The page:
While it may be international break, and thus no Manchester United action on the pitch to discuss, there is a much bigger and way more important game being played, in relation to the club, off the pitch right now.
It’s the highest stakes game of capitalism, and it involves who, if anyone, will take ownership of the club away from the Glazer family.
Today/tonight is going to be huge for potential purchasers to submit their second (and obviously improved) bids over to Raine Group, the New York City based investment bank that is overseeing the sale of the club.
Right now, it’s mostly a two horse race, between INEOS owner/British billionaire Sir Jim Ratcliffe, and a consortium led by banker and Qatari Sheikh Jassim bin Hamad Al-Thani (We have more on him over at this post).
For now, we’ll focus on Ratcliffe, who came up short in his bid to buy Chelsea FC last year. He would actually prefer to buy his boyhood club of United anyway, sources say.
Ratcliffe has told The Wall Street Journal that he won’t pay a ‘stupid price’ for MUFC.
“How do you decide the price of a painting? How do you decide the price of a house? It’s not related to how much it cost to build or how much it cost to paint,” Ratcliffe said to the WSJ.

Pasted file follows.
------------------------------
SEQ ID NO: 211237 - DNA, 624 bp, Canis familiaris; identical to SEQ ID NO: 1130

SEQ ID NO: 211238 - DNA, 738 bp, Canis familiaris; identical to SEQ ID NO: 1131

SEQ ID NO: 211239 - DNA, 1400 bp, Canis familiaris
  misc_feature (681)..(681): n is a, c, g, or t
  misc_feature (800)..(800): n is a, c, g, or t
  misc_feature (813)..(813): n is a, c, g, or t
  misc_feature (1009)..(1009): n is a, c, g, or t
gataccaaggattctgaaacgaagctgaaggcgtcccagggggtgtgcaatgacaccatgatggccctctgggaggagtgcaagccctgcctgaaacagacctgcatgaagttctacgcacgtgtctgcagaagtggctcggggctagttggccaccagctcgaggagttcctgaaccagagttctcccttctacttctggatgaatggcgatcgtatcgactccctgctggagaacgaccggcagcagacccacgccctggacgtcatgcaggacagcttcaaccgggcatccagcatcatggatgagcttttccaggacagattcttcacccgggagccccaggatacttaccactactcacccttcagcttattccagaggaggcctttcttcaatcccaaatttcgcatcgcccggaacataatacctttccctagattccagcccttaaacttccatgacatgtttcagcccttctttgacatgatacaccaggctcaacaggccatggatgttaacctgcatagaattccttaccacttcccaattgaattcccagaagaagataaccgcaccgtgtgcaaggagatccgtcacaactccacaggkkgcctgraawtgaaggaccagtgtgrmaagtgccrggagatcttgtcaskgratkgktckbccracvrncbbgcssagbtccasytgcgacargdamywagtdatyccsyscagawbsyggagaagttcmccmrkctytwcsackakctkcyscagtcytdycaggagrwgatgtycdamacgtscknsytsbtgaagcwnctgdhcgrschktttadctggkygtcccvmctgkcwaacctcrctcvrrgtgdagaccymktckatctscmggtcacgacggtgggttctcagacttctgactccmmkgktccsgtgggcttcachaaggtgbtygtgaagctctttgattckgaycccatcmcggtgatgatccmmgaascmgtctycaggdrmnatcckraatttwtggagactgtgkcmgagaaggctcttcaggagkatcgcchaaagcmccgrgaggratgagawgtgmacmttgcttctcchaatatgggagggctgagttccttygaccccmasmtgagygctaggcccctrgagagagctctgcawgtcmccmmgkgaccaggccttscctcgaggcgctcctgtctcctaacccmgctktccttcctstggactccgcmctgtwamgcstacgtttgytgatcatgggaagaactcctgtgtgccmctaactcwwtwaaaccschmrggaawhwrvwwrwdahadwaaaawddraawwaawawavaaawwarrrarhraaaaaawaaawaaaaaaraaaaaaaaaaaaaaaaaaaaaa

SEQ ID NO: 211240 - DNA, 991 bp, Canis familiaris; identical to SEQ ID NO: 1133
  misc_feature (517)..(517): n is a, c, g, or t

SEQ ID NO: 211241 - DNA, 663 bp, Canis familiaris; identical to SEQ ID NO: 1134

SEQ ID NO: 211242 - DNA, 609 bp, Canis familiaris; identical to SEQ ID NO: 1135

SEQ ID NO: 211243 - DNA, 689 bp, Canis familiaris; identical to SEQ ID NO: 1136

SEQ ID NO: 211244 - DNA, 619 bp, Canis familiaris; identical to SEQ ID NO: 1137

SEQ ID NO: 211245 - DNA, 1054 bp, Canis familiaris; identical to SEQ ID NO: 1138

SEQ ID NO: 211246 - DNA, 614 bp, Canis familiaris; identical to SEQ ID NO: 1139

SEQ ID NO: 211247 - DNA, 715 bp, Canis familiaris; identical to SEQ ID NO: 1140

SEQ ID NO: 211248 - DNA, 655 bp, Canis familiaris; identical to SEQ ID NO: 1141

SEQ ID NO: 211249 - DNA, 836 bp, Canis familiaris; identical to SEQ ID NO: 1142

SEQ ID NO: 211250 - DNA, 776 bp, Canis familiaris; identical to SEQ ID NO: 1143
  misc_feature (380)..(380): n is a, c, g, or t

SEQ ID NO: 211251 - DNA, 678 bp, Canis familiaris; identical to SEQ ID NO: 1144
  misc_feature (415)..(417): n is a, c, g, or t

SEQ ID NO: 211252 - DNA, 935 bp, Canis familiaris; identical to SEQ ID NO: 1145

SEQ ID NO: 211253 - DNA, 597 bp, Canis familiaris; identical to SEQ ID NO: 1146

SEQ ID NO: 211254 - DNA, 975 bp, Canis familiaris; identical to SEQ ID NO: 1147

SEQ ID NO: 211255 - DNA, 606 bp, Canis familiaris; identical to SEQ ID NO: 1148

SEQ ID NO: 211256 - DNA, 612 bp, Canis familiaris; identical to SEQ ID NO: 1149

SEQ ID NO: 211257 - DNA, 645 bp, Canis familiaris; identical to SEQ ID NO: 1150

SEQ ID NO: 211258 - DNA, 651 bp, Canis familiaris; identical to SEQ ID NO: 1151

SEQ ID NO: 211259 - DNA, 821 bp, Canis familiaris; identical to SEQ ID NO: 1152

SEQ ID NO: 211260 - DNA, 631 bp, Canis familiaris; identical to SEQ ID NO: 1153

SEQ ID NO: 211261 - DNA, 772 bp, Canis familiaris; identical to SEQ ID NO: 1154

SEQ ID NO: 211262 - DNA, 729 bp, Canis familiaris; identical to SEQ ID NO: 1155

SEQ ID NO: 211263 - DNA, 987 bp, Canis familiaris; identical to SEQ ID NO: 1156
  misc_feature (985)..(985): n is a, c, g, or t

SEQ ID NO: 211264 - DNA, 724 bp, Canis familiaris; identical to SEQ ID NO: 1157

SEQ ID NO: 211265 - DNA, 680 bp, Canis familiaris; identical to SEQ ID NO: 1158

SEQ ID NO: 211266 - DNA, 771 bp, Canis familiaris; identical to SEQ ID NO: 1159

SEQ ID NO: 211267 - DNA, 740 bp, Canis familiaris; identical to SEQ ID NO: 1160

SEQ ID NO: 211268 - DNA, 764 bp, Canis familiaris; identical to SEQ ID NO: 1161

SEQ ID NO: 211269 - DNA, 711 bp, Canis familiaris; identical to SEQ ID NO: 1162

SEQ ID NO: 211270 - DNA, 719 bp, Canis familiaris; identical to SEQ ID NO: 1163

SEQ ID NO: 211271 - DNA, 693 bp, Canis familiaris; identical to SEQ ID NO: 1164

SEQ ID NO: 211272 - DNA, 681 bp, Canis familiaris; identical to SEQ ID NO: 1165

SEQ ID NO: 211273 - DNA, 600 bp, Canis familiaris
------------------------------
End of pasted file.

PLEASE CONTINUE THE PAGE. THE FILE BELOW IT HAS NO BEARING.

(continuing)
“What you don’t want to do is pay stupid prices for things because then you regret it subsequently.”
What does that mean exactly?
Both Ratcliffe and Sheikh Jassim, reportedly, fell well short of that amount in their first bids.
According to the last valuation in Forbes, last May, the club is worth about $4.6B (£3.7B).
So what will it take to get this deal over the line and done? Well, according to the Mirror, a world-record £5.5bn bid is coming in from Sheikh Jassim, and Sir Jim Ratcliffe will match it, according to the Independent.
Indeed, a world-record bidding war is on to buy Manchester United. In the words of legendary St. Louis based rapper Nelly “my price range is Rover!” Or actually the more appropriate Nelly lyrics would be “there ain’t no cap on my salary!”
Paul M. Banks is the owner/manager of The Sports Bank. He’s also the author of “Transatlantic Passage: How the English Premier League Redefined Soccer in America,” and “No, I Can’t Get You Free Tickets: Lessons Learned From a Life in the Sports Media Industry.”
He’s written for numerous publications, including the New York Daily News, Sports Illustrated and the Chicago Tribune. He regularly appears on NTD News and WGN News Now. Follow the website on Twitter and Instagram.